Sunday, 3 May 2009

the power of the collective

since i was blogging about disablism on may day, i thought i'd get in a belated post on workers' issues today. yeah, i know, being an accountant means i don't technically qualify as working class. but i still do identify with the issues, and i think that comes more from my religious background.

when it comes to "the poor", well, they aren't to be seen as a blight on society, as the lazy and good-for-nothing who are solely responsible for their own condition. in almost every case, poverty is a result either of circumstances or birth. it's very hard to pull yourself out of a situation when you have little access to quality education, and when you're in a job with low wages meaning you have to work long hours just to get by.

it's when you see people struggling with circumstances that they have little power to change, that's really heartbreaking. for those people, the power of the collective is really the only power they have. as individuals, they have very little ability to influence, but as part of a large group, they can make substantial changes.

i was at a dinner on saturday night, and our hostess worked in the area of human resources. we had this discussion about how much easier she found it to deal with unions, as compared to employment lawyers. the difference was that the union person had nothing personally to gain from a dispute, so they were much more likely to look for a win-win solution. employment lawyers on the hand were looking for as large a cash settlement as they could get, to ensure they got a sufficient cut to keep their business going.

the latter situation puts a much greater strain on employers, who know that taking a case to the employment tribunal will cost at least $20,000. it also puts a greater strain on employees, who are put through mediation by lawyers even when it isn't in their interests. i've watched an employee in mediation quickly reduced to tears when the list of their incompetencies were spelled out in a room full of people. there is just no way that should have happened, it was humiliating and the person was only there at the insistence of the lawyer.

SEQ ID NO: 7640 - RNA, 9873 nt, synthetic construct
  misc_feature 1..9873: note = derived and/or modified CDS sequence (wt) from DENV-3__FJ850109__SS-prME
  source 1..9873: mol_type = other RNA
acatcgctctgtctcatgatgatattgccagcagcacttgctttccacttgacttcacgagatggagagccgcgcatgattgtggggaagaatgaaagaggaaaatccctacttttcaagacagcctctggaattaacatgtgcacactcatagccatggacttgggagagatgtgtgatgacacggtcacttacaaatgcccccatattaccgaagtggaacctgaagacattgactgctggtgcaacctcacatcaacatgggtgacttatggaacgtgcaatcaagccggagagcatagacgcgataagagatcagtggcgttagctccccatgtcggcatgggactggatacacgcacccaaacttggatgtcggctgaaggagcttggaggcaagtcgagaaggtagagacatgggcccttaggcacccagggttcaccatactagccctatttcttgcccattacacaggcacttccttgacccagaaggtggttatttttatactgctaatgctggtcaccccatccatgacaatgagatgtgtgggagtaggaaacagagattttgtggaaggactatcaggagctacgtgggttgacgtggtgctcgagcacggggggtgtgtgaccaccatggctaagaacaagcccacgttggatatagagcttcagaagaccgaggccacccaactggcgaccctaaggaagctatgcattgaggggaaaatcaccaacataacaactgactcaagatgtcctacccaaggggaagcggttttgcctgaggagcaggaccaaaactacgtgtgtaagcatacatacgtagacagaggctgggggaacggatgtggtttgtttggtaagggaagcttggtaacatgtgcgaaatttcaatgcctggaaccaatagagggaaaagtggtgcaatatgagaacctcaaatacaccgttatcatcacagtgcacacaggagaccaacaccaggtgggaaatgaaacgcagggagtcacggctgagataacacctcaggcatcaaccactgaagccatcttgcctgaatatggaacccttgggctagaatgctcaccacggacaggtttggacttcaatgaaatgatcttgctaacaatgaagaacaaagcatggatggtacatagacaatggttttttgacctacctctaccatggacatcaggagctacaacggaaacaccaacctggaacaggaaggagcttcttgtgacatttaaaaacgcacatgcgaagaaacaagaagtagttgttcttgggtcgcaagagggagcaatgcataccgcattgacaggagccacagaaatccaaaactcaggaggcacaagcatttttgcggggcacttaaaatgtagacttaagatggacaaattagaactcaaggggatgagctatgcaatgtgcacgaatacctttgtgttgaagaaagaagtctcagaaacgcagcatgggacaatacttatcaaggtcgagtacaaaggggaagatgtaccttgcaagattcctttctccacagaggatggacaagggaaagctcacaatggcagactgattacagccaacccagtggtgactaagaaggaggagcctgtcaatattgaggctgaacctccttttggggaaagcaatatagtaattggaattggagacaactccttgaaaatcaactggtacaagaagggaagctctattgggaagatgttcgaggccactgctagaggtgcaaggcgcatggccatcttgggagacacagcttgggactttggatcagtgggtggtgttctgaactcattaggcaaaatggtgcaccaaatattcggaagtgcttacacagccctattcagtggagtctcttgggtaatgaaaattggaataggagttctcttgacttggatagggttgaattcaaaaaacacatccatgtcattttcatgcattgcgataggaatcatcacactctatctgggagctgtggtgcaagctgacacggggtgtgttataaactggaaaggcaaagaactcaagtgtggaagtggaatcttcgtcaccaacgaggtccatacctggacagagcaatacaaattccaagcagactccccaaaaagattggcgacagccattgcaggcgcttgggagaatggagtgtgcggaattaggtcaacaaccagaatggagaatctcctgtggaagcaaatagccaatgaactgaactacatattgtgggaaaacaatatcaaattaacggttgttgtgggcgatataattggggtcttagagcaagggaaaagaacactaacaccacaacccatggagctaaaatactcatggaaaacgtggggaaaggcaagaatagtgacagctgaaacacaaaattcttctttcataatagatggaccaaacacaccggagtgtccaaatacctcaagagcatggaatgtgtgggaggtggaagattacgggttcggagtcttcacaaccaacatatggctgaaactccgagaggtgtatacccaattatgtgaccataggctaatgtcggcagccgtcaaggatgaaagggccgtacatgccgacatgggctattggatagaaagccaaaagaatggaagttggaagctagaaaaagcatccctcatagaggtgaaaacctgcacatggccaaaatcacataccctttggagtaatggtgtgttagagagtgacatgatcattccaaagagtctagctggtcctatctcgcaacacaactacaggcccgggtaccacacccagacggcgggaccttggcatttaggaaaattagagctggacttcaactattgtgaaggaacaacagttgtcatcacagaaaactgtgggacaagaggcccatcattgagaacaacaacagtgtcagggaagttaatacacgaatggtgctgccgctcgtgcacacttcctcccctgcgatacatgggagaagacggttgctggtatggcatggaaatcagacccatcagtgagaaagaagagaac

of course, the only reason that employment lawyers have entered into this area of practice is because the national party brought in the employment contract act in 1990. over the years, i've heard so many complaints about how much they've hated having to pay out in cases where they believe they are not at fault. and they have blamed this situation on employment laws which favour employees, when in fact it is the system change of allowing lawyers into the field which has caused the problem. and any attempts to strengthen unions or to change undo measures put in by the employment contracts act have been fought vigorously by these same employers who are suffering under the provisions it brought in.

yeah, not smart really. the fact is that strong unions are good for business and good for the economy. strong unions are better able to ensure decent wages and conditions. decent wages mean that those at the bottom end will have more cash to spend, which stimulates the economy and ensures greater profits for business. better working conditions means a happier, healthier and more productive workforce, with lower staff turnover. ie better profit for business. it's a win-win situation.

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